Inside Installations: Mapping the Studio II

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Monaco

In 2005 Letter to the Censors was requested for loan. Carlos Garaicoa had been awarded the prize of laureate for Fine Arts and there was to be an exhibition as part of the XXXIXe Prix International d’Art Contemporain de la Fondation Prince Pierre de Monaco. It was important to the artist that Letter to the Censors be part of this show.

This gave the conservators a deadline by which to mend the many broken elements, to upgrade the wiring and access to the lighting, redesign the chandelier and resolve the problems of overheating. A packing case also had to be made to ensure that the work could travel safely to the exhibition venue. Find out more about the packing process in Preservation packing

Carlos Garaicoa often opts to work outside the walls of the gallery or the museum. In many cases his works are created in response to a particular city. Even when exhibiting an existing work, he sometimes seeks out spaces outside the museum.

In Monaco, Carlos originally considered using an old cinema Théâtre Princesse-Grace / Centre de Rencontres Internationales to display both Letter to the Censors and Now Let’s Play to Disappear (II).

Due to the requirement to show Letter to the Censors in a climate-controlled environment, the artist agreed to show the installation in the exhibition space Salle d’Exposition du Quai Antoine at the other side of the harbour.

The core elements of the installation which been developed in Rome and Miami began to become more formalised. The model was placed diagonally in the exhibition space, which in Monaco was circa 11 meters long by 10 meters wide. The lighting was dimmed and red carpet was laid on the floor. The cinema type lighting was placed around the bottom of the walls and the model was carefully lit with eight spot lights arranged in an oval on the ceiling. The balance of lighting is important as it should not be too bright to wash out the projected image inside the cinema. The ten light boxes were shown on the walls surrounding the model.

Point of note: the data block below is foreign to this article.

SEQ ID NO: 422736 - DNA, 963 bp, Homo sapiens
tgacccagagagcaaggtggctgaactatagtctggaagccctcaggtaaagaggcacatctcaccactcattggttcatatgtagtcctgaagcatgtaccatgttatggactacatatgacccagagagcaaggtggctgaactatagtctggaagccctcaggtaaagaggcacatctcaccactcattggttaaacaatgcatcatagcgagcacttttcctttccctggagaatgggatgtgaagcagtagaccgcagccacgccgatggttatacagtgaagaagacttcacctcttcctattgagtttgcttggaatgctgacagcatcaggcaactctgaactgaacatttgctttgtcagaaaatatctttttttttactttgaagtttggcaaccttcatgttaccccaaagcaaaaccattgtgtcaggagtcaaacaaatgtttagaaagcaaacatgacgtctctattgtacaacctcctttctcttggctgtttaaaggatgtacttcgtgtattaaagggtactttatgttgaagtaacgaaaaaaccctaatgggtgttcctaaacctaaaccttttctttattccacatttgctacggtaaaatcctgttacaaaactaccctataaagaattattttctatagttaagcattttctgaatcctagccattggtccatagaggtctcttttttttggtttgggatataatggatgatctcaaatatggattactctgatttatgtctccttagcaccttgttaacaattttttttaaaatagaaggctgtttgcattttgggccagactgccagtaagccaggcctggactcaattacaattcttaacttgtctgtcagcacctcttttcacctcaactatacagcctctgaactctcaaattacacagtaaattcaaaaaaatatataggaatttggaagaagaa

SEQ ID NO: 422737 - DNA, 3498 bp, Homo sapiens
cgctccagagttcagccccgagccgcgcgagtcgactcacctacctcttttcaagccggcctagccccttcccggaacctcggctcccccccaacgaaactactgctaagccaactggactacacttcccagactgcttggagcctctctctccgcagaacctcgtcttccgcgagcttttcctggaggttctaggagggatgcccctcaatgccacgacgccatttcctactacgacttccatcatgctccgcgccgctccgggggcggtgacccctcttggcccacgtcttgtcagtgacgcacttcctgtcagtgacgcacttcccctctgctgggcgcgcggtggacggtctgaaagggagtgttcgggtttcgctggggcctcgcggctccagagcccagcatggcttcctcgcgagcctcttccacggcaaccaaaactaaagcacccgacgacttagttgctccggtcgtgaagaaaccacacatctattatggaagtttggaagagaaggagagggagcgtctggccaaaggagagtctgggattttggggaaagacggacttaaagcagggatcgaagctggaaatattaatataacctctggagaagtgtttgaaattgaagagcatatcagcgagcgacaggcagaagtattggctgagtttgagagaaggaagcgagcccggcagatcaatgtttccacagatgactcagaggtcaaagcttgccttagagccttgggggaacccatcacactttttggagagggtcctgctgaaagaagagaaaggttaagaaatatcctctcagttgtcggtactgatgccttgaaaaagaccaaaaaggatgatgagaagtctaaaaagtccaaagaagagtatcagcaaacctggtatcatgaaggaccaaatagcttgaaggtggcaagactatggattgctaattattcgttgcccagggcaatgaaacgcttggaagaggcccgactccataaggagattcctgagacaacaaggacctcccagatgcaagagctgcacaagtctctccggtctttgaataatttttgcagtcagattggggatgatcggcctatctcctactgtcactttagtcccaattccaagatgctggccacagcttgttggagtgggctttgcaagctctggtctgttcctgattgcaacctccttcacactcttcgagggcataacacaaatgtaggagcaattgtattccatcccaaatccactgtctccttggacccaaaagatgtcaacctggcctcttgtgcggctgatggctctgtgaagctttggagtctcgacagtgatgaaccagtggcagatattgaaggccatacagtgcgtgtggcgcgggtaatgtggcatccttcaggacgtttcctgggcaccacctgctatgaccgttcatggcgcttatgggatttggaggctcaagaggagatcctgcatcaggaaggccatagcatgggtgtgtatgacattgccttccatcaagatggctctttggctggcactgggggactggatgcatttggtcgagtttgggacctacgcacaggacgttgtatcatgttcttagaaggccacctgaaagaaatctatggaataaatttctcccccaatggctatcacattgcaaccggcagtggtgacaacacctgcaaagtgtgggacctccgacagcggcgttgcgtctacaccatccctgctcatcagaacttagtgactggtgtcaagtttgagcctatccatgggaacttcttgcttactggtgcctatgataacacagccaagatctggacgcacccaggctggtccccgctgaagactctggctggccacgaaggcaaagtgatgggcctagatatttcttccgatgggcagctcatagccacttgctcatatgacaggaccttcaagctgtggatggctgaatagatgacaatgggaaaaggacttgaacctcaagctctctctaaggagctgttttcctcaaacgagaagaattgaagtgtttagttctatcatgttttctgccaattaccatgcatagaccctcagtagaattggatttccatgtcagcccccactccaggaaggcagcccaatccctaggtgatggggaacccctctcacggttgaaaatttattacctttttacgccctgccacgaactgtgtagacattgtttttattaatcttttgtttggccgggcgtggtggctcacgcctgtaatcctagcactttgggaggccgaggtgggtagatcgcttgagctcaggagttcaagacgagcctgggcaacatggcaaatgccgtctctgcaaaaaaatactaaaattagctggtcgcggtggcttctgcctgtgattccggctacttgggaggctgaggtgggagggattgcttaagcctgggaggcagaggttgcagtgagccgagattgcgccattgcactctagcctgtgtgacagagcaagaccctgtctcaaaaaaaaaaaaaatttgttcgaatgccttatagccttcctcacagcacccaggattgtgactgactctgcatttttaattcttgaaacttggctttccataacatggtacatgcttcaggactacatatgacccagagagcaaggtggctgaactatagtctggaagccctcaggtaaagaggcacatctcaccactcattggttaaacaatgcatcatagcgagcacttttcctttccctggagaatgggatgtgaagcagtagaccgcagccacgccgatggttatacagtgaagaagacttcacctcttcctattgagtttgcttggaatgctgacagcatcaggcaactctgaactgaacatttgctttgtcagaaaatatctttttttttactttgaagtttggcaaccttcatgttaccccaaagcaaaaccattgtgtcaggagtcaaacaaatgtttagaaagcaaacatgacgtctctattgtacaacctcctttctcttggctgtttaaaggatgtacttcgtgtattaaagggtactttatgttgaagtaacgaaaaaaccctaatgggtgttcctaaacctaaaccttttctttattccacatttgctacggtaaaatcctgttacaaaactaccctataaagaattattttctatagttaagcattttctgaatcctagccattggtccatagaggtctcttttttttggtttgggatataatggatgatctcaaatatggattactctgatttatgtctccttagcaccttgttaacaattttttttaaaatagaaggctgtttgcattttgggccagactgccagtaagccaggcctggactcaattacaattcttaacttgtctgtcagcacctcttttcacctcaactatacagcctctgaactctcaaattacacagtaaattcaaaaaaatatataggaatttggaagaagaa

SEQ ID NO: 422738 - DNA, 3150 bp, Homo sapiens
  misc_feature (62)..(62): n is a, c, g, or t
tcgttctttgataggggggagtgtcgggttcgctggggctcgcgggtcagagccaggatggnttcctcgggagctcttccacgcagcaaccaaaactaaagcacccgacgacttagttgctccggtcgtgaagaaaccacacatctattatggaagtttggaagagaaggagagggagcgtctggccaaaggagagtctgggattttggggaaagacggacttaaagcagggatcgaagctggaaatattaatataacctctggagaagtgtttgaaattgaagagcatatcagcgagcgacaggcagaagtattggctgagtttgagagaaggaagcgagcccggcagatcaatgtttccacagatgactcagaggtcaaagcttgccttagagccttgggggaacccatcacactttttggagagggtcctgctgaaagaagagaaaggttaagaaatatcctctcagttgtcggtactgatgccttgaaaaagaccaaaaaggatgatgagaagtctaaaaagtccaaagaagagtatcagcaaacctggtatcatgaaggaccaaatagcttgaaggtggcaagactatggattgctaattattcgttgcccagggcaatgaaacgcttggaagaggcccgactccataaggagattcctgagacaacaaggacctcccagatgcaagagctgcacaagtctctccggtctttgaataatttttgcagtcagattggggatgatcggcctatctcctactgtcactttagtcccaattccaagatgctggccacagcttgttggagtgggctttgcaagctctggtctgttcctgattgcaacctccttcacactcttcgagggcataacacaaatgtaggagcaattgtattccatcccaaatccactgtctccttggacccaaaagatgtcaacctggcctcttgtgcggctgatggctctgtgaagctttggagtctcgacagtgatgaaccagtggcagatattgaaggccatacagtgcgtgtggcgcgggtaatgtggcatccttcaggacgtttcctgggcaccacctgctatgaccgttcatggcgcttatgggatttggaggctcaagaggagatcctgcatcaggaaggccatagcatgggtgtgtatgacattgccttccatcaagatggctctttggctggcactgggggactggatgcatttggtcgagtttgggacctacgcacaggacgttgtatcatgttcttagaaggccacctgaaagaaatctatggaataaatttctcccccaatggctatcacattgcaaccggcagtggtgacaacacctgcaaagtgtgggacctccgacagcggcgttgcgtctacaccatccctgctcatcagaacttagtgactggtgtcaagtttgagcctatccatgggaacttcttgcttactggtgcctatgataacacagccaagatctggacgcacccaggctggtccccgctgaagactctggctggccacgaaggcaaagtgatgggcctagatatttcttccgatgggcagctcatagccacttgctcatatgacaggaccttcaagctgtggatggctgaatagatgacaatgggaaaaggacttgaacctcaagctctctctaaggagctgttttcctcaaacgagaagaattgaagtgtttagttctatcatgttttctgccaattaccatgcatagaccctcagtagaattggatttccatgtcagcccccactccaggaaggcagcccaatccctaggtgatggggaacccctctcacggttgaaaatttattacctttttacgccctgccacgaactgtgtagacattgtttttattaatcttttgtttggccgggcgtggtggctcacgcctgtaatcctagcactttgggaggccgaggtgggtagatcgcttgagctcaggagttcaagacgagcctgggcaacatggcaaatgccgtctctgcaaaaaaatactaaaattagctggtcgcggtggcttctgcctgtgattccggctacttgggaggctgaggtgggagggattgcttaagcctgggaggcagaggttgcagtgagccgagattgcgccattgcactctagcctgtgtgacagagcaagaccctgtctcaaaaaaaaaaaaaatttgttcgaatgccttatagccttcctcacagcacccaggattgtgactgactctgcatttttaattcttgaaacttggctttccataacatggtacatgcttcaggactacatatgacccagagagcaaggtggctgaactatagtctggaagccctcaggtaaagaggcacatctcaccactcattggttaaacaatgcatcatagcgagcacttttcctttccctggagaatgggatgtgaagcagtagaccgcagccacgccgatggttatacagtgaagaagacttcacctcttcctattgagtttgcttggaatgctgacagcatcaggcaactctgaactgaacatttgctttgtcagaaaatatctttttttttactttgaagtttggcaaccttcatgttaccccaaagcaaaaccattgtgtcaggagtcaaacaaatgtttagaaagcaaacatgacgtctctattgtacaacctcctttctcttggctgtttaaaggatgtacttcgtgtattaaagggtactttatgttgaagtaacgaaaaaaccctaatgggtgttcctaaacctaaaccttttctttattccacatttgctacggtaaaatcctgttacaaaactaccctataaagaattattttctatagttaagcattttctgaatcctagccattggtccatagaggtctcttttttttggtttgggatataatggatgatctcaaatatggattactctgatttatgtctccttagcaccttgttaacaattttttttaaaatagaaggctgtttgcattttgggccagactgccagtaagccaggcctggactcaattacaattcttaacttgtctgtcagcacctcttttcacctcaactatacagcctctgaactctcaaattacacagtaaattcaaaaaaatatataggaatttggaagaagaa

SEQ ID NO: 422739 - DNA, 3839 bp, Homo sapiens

An ingenious solution was developed for the floor lights. Instead of red bulbs, fairy lights were positioned within the cavity walls and the opening was covered with a red plastic lighting gel.

During the early displays of the work, Garaicoa had become aware that there was a display problem with the piece. In order to see inside of the cinema’s auditorium to see the film titles, the public had to get very close. Because of the fragility of the work allowing people this close created a risk of the model being damaged.

In Monaco, Carlos began to explore solutions to this problem. Here the prints of all censored film titles were displayed in an adjoining space. The film titles, organised by country, were printed onto fifteen sheets of white vinyl wallpaper covering the entire height of the walls.

The show was only open for 6 weeks but it had provided a useful opportunity to clarify some of the display issues associated with the work.

Venue: Salle d'Exposition du Quai Antoine

Venue: Salle d'Exposition du Quai Antoine
© Photo: Tate Conservation
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Théâtre Princesse-Grace

Théâtre Princesse-Grace
© Photo: Tate Conservation
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Carlos Garaicoa, Now Let's Play to Disappear II 2002

Carlos Garaicoa
Now Let's Play to Disappear II 2002
© Carlos Garaicoa, Photo: Tate Conservation
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Carlos Garaicao, Letter to the Censors (Carta a los censores) 2003, Display view with gallery lights switched on

Carlos Garaicao
Letter to the Censors (Carta a los censores) 2003
Display view with gallery lights switched on
© Carlos Garaicoa, Photo: Tate Conservation
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Carlos Garaicao, Letter to the Censors (Carta a los censores) 2003, Adjoining Space with Titles

Carlos Garaicao
Letter to the Censors (Carta a los censores) 2003
Adjoining space with titles
© Carlos Garaicoa, Photo: Tate Conservation
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Carlos Garaicao, Letter to the Censors (Carta a los censores) 2003, Cavity wall construction with floor lights

Carlos Garaicao
Letter to the Censors (Carta a los censores) 2003
Cavity wall construction with floor lights
© Carlos Garaicoa, Photo: Tate Conservation
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